Researchers at Kaiser Permanente in San Francisco have developed a new breast cancer model to study the risk of developing breast cancer in Hispanic women. File photo by Bill Greenblatt/UPI | License Photo
SAN FRANCISCO, Dec. 20 (UPI) -- A new model developed by Kaiser Permanente will help doctors assess the risk of breast cancer development in Hispanic women.
The model is the first to assess breast cancer risk in Hispanic women. Previous models have been developed to examine breast cancer risk in non-Hispanic white, African-American, Asian and Pacific Islander women but not Hispanic women until now.
Researchers from Kaiser Permanente developed the new model as part of the National Cancer Institute's online Breast Cancer Risk Assessment Tool.
"Hispanics are the largest racial/ethnic minority group in the U.S., so it's important that the NCI tool include information from these women in determining their risk score," Matthew P. Banegas, Ph.D., MPH, lead author and researcher from the Kaiser Permanente Center for Health Research, said in a press release. "Our model does that because it is based on data from Hispanic women and specifically tailored for them."
The assessment tool has providers enter information about the patient's age, race, family history of breast cancer and other risk factors such as age the patient had her first menstrual period and age of the birth of her first child.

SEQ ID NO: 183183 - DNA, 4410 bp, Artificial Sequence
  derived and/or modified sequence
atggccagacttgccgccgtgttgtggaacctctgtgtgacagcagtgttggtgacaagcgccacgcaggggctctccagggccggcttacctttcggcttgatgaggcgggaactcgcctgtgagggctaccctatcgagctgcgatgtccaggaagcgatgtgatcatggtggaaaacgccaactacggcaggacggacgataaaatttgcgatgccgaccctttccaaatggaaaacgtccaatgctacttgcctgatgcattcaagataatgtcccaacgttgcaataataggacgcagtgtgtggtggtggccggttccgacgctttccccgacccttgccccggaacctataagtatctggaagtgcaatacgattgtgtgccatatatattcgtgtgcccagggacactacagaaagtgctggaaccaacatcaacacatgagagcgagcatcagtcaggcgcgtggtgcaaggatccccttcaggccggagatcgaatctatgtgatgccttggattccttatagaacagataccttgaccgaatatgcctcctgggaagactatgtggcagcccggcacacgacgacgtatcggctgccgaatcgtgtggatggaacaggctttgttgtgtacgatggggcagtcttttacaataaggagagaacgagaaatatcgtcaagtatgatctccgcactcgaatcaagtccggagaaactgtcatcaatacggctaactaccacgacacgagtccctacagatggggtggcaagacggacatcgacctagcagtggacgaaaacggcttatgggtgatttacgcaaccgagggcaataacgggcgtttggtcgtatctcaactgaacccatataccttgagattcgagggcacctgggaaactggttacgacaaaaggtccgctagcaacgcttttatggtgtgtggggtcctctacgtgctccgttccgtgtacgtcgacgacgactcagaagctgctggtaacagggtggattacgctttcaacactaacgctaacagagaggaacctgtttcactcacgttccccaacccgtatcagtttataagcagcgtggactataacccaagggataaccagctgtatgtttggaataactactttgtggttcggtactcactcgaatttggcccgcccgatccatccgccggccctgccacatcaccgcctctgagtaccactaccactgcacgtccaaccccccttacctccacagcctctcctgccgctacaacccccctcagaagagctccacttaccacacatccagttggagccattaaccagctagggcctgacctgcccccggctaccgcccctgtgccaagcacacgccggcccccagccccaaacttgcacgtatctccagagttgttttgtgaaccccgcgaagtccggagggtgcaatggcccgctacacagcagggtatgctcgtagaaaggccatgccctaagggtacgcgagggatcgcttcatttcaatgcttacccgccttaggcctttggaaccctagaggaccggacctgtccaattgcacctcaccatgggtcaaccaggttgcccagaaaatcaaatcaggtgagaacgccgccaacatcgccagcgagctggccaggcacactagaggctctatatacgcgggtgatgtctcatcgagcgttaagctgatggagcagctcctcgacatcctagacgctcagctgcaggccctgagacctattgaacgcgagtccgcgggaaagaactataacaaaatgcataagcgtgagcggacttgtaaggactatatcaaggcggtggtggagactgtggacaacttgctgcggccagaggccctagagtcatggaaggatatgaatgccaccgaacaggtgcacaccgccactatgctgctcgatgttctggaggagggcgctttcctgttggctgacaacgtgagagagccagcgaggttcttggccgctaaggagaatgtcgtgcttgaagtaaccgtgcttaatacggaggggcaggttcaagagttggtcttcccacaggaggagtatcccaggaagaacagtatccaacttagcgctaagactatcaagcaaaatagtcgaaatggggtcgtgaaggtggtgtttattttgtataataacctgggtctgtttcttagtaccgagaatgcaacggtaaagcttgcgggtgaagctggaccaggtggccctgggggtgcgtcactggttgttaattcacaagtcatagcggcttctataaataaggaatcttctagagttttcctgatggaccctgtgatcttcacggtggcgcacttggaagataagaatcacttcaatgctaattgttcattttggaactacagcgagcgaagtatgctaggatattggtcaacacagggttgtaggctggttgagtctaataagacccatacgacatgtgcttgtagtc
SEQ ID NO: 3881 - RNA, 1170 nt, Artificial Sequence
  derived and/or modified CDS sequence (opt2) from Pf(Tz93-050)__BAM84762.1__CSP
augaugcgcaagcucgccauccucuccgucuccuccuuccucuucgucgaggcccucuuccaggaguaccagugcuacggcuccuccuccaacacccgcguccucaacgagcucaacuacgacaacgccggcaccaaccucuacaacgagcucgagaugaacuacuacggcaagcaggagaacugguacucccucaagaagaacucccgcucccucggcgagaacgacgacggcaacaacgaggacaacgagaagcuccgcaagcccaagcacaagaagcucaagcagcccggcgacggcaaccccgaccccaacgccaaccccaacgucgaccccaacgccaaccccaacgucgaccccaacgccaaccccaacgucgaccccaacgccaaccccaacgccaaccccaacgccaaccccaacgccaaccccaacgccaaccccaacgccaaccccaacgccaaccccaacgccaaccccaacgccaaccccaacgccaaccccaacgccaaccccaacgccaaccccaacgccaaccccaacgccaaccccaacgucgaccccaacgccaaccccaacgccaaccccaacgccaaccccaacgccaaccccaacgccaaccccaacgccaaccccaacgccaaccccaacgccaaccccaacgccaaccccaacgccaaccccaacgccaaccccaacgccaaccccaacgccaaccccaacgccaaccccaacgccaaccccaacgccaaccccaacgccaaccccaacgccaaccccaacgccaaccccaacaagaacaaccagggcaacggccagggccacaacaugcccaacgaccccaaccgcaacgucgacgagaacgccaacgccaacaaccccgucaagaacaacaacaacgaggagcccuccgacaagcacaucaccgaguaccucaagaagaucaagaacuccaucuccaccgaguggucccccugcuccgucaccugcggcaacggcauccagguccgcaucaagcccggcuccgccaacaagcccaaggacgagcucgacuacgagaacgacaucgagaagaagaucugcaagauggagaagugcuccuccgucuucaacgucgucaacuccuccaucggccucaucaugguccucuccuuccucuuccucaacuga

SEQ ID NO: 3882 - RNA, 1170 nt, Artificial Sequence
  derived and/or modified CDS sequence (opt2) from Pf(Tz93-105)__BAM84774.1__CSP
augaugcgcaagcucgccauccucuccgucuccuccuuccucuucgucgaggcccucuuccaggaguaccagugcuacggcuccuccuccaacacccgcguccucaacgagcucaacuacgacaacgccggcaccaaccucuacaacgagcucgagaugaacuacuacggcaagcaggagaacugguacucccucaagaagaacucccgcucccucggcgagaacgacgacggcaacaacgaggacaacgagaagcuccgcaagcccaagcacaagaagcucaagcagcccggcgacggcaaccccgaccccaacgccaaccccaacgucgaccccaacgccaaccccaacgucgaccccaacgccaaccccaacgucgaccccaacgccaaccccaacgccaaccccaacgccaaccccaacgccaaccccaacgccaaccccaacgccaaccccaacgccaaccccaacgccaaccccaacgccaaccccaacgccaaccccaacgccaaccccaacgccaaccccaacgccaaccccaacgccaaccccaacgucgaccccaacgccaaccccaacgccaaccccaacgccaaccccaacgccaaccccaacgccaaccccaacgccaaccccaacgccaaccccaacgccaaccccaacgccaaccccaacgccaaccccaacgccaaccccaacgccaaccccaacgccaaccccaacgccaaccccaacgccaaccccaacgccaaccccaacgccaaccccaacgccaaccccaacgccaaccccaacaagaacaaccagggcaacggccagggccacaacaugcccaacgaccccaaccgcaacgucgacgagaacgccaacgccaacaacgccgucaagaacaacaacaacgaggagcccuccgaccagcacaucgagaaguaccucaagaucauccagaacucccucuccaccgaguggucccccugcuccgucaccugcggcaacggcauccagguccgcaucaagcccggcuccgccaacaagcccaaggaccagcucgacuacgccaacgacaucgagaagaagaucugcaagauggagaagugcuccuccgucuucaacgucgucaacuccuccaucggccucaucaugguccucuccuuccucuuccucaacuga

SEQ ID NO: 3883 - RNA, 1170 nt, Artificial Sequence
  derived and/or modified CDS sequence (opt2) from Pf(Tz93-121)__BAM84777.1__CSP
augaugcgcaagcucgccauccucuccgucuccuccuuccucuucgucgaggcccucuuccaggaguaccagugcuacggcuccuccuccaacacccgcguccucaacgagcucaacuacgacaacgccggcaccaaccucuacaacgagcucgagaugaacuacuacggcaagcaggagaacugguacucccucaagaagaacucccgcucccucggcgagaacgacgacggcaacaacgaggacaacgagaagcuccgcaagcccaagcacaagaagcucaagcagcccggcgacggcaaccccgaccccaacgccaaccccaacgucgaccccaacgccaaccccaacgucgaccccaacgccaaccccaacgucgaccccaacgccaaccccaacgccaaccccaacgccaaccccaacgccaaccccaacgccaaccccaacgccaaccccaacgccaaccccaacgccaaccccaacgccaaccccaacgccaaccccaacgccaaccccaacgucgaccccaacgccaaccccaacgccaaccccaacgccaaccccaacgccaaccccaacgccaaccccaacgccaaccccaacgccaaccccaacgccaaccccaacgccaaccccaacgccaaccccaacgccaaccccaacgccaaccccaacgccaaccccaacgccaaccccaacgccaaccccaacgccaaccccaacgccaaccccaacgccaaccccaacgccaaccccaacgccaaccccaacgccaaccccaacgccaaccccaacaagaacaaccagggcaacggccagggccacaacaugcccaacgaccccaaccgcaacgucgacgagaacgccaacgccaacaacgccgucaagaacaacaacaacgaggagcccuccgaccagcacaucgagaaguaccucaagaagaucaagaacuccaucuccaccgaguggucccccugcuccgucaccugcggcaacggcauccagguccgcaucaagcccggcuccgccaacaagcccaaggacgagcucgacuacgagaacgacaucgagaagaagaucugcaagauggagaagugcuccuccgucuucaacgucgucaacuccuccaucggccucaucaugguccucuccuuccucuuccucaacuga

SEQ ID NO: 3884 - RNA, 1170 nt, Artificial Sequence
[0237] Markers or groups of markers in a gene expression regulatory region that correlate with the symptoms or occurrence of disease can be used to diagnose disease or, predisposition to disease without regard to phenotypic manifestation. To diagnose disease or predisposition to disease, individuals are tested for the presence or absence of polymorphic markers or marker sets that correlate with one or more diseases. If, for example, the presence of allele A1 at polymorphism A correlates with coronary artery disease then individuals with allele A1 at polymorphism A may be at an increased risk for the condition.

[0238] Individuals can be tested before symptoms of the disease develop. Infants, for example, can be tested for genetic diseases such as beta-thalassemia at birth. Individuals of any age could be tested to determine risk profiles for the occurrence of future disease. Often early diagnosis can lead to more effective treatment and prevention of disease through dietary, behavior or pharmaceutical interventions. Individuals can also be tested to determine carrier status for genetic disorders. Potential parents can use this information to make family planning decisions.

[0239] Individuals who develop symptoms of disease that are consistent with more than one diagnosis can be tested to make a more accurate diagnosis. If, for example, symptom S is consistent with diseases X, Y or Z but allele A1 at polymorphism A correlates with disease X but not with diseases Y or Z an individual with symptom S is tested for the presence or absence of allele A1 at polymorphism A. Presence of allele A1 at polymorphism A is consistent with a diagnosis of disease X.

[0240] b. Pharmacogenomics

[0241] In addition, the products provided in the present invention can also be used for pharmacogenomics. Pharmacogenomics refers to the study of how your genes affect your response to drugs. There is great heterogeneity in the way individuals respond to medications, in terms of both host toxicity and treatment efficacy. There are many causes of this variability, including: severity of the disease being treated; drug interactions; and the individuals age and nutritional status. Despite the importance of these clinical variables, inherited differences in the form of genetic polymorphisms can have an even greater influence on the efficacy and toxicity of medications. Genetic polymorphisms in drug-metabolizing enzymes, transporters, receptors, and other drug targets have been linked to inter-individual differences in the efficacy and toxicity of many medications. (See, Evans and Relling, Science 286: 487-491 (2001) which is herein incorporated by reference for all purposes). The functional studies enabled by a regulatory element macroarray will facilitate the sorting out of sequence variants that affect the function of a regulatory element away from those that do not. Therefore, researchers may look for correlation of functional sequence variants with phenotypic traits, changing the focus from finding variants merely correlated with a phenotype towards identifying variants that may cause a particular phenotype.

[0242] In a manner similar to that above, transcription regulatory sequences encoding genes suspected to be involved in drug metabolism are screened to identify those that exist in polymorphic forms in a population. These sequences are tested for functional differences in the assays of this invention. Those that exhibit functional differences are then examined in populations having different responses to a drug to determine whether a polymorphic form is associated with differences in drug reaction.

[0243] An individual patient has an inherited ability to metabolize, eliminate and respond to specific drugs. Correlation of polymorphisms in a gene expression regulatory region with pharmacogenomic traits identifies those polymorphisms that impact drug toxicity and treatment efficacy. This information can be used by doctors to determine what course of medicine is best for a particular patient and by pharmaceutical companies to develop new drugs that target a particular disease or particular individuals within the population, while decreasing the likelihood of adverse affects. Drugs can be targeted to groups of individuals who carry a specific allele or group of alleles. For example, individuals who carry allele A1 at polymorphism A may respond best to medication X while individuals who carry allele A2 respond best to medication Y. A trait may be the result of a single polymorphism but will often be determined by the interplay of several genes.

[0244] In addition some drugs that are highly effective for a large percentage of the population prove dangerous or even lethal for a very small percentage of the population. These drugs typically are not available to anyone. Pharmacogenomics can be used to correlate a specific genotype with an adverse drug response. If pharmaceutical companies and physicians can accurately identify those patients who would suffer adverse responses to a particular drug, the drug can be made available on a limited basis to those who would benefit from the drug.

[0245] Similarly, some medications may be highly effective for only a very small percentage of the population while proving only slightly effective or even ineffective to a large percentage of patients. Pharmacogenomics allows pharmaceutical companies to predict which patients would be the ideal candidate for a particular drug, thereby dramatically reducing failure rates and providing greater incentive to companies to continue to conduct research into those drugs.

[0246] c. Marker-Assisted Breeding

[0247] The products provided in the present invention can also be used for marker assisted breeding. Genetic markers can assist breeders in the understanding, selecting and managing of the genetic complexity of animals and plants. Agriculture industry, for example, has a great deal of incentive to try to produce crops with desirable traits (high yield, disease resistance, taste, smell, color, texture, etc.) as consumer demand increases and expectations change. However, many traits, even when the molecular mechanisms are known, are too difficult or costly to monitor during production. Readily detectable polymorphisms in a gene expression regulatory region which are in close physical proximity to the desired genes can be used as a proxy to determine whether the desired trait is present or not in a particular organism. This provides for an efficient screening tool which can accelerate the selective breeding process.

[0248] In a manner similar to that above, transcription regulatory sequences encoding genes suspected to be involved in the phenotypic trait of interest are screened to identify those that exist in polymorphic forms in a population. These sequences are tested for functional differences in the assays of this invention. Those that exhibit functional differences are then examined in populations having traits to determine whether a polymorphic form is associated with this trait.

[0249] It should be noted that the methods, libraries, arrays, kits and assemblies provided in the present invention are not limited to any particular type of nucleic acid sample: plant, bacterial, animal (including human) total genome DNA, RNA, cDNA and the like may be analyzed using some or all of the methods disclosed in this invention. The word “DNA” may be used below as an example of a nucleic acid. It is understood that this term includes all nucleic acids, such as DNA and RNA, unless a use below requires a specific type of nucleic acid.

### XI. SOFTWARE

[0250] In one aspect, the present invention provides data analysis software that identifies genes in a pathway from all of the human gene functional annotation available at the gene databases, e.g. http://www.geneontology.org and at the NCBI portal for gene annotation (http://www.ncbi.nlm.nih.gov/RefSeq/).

"Prior studies have shown that Hispanic women born in the U.S. have a higher breast cancer risk than Hispanic women who emigrate here from other countries," said Banegas. "Our model includes data from U.S. and foreign-born women, so providers will be able to more accurately predict risk based on where the woman was born."
Researchers used data from the San Francisco Bay Area Breast Cancer Study, which included 1,086 Hispanic women who developed breast cancer between 1995-2002, and 1,411 women who did not have breast cancer. Of those women, nearly 1,000 were born in the U.S. and 1,500 were born in other countries.
The team also included data from the Women's Health Initiative and the Four-Corners Breast Cancer Study.
The new model accurately predicted the amount of breast cancers among U.S.-born Hispanic women who participated in the Women's Health Initiative, but slightly overestimated the number among foreign-born women in the WHI.
Researchers emphasized that the new model should not be used for women who have invasive breast cancer, an inherited genetic mutation that causes breast cancer or women who received therapeutic radiation of the chest for other cancers.
The study was published in the Journal of the National Cancer Institute.